Ah, the old rotator cuff dysfunction, among the most common injuries sported by people who come to see me in the clinic.
While common, rotator cuff injuries can be, frankly, a total pain to work with. They are sensitive and finicky, meaning that when they are injured they are easy to reinjure, and when they are injured, they also hurt!
Consider the ball and socket construction shown in Fig 1 below. In 1.a, we see the construction of the hip with its deep socket, the ball at the head of the femur (thighbone) sits snugly in the acetabulum (socket) on the pelvis. Compare that to the shoulder joint in 1.b. The socket on the shoulder blade is so much shallower, I call it the ball-on-wall construction rather than the ball and socket construction!
Fig 1 - Ball and socket of the hip (a), versus the shoulder in (b).
Because of this shallow ball and socket at the shoulder, we get a ton of mobility. The problem though is that it relies heavily on the muscles of the rotator cuff and more generally the whole shoulder girdle for stability. So along with this shoulder mobility, the muscles of the rotator cuff and their tendons are also vulnerable to friction and pinching compared to muscles around the hip. Repeated frictioning/pinching or some kind of traumatic incident can leave the rotator cuff tendons in a degraded state (tendinitis), and left long enough the body can slow down or stop the natural healing mechanism (the inflammatory response), leaving a crummy set of tissues that are not getting better. This sad state is known as tendinosis.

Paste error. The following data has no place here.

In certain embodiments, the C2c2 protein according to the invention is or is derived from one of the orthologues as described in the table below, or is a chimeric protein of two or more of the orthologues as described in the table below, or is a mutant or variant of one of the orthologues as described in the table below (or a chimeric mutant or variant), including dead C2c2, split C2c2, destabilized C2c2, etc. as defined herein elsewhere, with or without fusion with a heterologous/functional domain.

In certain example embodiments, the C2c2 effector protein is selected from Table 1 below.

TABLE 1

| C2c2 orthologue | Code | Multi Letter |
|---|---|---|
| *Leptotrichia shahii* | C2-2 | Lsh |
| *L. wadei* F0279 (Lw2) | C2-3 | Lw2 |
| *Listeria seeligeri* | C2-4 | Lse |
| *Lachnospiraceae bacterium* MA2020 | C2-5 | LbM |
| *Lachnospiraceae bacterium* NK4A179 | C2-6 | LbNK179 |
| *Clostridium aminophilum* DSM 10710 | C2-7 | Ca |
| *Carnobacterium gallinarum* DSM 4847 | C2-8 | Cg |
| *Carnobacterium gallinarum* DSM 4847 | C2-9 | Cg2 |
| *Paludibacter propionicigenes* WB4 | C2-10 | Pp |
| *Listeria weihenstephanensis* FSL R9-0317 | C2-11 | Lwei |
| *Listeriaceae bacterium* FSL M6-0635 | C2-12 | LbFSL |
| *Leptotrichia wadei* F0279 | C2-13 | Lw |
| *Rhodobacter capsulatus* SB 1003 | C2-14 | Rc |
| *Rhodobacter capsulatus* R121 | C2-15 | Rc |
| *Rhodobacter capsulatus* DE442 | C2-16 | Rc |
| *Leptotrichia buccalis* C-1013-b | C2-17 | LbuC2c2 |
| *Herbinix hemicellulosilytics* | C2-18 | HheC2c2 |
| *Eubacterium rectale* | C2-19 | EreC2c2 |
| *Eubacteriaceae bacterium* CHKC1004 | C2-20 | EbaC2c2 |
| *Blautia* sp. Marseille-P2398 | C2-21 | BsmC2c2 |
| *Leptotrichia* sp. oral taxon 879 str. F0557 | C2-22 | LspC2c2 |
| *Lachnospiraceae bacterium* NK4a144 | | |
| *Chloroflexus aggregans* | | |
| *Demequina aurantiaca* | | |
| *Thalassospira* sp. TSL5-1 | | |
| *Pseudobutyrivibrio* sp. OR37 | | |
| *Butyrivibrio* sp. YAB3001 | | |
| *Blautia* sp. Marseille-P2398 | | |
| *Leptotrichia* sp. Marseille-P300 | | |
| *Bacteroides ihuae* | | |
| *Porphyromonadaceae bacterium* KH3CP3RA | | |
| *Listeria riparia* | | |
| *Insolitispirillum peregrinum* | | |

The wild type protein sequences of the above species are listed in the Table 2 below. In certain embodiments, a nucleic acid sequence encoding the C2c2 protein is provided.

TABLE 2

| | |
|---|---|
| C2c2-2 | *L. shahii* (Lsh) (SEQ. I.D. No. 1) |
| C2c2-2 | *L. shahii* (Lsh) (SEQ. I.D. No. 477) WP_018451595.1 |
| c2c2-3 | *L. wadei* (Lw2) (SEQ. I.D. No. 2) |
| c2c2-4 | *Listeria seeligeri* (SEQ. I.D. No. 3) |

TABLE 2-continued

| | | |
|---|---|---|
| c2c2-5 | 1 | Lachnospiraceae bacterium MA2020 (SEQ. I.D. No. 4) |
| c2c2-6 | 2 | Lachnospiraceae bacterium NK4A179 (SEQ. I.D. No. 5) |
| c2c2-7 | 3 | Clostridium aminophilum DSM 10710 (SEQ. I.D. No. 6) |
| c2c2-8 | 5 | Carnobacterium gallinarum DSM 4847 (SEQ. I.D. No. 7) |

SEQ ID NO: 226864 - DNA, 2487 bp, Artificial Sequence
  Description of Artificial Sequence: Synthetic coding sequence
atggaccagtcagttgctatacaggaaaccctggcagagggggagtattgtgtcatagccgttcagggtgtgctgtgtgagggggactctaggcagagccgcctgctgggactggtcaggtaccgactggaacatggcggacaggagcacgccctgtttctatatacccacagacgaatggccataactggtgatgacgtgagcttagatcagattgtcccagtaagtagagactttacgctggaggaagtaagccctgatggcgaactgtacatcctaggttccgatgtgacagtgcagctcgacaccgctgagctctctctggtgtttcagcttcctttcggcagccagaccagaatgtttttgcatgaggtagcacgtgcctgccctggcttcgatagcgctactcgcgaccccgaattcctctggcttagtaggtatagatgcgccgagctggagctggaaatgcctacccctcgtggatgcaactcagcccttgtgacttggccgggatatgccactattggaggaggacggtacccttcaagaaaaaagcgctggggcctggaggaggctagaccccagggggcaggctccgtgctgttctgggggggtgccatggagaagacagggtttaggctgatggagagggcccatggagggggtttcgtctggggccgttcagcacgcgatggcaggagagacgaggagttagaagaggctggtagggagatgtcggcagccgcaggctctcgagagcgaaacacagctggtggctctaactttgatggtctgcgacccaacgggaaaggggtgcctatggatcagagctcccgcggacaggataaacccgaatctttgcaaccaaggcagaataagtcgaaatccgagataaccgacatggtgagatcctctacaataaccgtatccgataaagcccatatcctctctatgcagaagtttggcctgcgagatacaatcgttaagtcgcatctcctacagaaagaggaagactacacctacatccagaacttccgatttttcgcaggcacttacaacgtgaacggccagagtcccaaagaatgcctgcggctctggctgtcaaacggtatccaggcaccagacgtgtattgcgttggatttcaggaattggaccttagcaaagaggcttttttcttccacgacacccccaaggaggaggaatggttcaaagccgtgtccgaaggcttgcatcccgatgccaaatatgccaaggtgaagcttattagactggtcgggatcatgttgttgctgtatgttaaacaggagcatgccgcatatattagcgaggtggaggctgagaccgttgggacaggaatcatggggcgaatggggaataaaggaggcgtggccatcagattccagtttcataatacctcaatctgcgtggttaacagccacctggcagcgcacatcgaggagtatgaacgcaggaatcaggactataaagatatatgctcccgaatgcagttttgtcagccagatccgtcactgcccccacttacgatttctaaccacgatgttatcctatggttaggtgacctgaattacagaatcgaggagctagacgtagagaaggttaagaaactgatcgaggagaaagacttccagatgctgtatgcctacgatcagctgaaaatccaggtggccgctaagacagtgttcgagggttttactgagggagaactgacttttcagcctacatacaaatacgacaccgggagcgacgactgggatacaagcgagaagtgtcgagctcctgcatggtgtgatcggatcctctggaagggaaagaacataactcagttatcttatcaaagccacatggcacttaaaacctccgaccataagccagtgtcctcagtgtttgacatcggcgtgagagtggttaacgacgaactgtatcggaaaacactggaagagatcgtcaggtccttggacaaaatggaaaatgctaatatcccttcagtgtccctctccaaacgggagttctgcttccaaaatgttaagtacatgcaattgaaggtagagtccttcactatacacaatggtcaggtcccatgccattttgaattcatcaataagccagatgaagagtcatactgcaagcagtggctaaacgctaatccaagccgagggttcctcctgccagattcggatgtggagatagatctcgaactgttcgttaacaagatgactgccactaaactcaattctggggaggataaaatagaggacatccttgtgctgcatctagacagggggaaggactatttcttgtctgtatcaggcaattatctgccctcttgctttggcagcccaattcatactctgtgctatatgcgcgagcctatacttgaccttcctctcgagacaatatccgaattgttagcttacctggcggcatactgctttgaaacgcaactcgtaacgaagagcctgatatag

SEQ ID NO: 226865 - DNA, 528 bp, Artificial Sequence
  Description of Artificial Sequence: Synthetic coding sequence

Not to worry though! Treatment for the vast majority of rotator cuff problems works! It usually consists of a combination of hands on manual therapy, modalities like heat or dry needling, and of course, exercise to strengthen the rotator cuff musculature and to train beautiful movement patterns!